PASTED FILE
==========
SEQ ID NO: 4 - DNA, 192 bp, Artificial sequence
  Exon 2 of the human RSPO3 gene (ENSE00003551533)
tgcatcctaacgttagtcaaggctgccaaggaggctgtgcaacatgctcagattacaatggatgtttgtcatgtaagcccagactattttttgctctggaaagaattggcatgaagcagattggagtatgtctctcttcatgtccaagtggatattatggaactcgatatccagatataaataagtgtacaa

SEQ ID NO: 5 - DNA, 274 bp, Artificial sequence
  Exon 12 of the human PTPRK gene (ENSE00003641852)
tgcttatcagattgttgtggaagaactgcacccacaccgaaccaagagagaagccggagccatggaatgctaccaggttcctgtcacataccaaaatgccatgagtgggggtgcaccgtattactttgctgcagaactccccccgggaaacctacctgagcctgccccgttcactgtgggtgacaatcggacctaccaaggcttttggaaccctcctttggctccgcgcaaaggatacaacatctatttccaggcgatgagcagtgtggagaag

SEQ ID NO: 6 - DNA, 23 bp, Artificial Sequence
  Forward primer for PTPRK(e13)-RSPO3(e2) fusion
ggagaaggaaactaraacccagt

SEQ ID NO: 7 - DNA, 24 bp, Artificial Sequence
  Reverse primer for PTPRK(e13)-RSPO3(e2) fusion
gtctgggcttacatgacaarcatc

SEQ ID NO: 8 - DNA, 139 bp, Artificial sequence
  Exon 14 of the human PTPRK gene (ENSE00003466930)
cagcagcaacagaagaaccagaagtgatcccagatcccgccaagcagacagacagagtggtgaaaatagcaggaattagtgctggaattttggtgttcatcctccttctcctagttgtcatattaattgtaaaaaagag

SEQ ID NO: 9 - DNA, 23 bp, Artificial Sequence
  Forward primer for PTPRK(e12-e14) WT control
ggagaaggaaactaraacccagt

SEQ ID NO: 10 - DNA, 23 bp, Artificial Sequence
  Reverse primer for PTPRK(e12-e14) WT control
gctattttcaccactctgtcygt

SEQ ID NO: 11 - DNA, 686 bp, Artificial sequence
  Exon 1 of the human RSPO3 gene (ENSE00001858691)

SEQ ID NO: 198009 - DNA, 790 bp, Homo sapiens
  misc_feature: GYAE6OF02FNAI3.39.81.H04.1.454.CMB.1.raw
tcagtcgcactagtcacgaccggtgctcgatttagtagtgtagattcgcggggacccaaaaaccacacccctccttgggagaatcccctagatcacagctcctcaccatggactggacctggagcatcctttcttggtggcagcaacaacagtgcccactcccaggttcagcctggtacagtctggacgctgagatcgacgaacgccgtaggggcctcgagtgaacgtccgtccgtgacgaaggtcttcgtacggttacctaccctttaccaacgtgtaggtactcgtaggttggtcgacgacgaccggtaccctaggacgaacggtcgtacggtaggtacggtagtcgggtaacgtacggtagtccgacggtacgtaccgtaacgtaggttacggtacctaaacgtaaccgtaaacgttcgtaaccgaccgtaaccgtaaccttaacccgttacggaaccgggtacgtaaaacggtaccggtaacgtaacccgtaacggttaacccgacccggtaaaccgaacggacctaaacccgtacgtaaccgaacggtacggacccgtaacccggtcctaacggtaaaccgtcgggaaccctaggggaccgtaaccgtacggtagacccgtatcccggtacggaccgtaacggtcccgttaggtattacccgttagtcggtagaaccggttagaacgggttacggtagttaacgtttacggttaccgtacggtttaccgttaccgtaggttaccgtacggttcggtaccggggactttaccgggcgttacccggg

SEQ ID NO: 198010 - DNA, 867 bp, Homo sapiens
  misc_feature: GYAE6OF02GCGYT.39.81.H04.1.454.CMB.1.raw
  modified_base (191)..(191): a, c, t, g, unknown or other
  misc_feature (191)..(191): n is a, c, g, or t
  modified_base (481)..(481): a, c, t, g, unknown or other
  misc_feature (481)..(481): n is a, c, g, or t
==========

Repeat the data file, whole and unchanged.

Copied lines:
SEQ ID NO: 4 - DNA, 192 bp, Artificial sequence
  Exon 2 of the human RSPO3 gene (ENSE00003551533)
tgcatcctaacgttagtcaaggctgccaaggaggctgtgcaacatgctcagattacaatggatgtttgtcatgtaagcccagactattttttgctctggaaagaattggcatgaagcagattggagtatgtctctcttcatgtccaagtggatattatggaactcgatatccagatataaataagtgtacaa

SEQ ID NO: 5 - DNA, 274 bp, Artificial sequence
  Exon 12 of the human PTPRK gene (ENSE00003641852)
tgcttatcagattgttgtggaagaactgcacccacaccgaaccaagagagaagccggagccatggaatgctaccaggttcctgtcacataccaaaatgccatgagtgggggtgcaccgtattactttgctgcagaactccccccgggaaacctacctgagcctgccccgttcactgtgggtgacaatcggacctaccaaggcttttggaaccctcctttggctccgcgcaaaggatacaacatctatttccaggcgatgagcagtgtggagaag

SEQ ID NO: 6 - DNA, 23 bp, Artificial Sequence
  Forward primer for PTPRK(e13)-RSPO3(e2) fusion
ggagaaggaaactaraacccagt

SEQ ID NO: 7 - DNA, 24 bp, Artificial Sequence
  Reverse primer for PTPRK(e13)-RSPO3(e2) fusion
gtctgggcttacatgacaarcatc

SEQ ID NO: 8 - DNA, 139 bp, Artificial sequence
  Exon 14 of the human PTPRK gene (ENSE00003466930)
cagcagcaacagaagaaccagaagtgatcccagatcccgccaagcagacagacagagtggtgaaaatagcaggaattagtgctggaattttggtgttcatcctccttctcctagttgtcatattaattgtaaaaaagag

SEQ ID NO: 9 - DNA, 23 bp, Artificial Sequence
  Forward primer for PTPRK(e12-e14) WT control
ggagaaggaaactaraacccagt

SEQ ID NO: 10 - DNA, 23 bp, Artificial Sequence
  Reverse primer for PTPRK(e12-e14) WT control
gctattttcaccactctgtcygt

SEQ ID NO: 11 - DNA, 686 bp, Artificial sequence
  Exon 1 of the human RSPO3 gene (ENSE00001858691)

SEQ ID NO: 198009 - DNA, 790 bp, Homo sapiens
  misc_feature: GYAE6OF02FNAI3.39.81.H04.1.454.CMB.1.raw
tcagtcgcactagtcacgaccggtgctcgatttagtagtgtagattcgcggggacccaaaaaccacacccctccttgggagaatcccctagatcacagctcctcaccatggactggacctggagcatcctttcttggtggcagcaacaacagtgcccactcccaggttcagcctggtacagtctggacgctgagatcgacgaacgccgtaggggcctcgagtgaacgtccgtccgtgacgaaggtcttcgtacggttacctaccctttaccaacgtgtaggtactcgtaggttggtcgacgacgaccggtaccctaggacgaacggtcgtacggtaggtacggtagtcgggtaacgtacggtagtccgacggtacgtaccgtaacgtaggttacggtacctaaacgtaaccgtaaacgttcgtaaccgaccgtaaccgtaaccttaacccgttacggaaccgggtacgtaaaacggtaccggtaacgtaacccgtaacggttaacccgacccggtaaaccgaacggacctaaacccgtacgtaaccgaacggtacggacccgtaacccggtcctaacggtaaaccgtcgggaaccctaggggaccgtaaccgtacggtagacccgtatcccggtacggaccgtaacggtcccgttaggtattacccgttagtcggtagaaccggttagaacgggttacggtagttaacgtttacggttaccgtacggtttaccgttaccgtaggttaccgtacggttcggtaccggggactttaccgggcgttacccggg

SEQ ID NO: 198010 - DNA, 867 bp, Homo sapiens
  misc_feature: GYAE6OF02GCGYT.39.81.H04.1.454.CMB.1.raw
  modified_base (191)..(191): a, c, t, g, unknown or other
  misc_feature (191)..(191): n is a, c, g, or t
  modified_base (481)..(481): a, c, t, g, unknown or other
  misc_feature (481)..(481): n is a, c, g, or t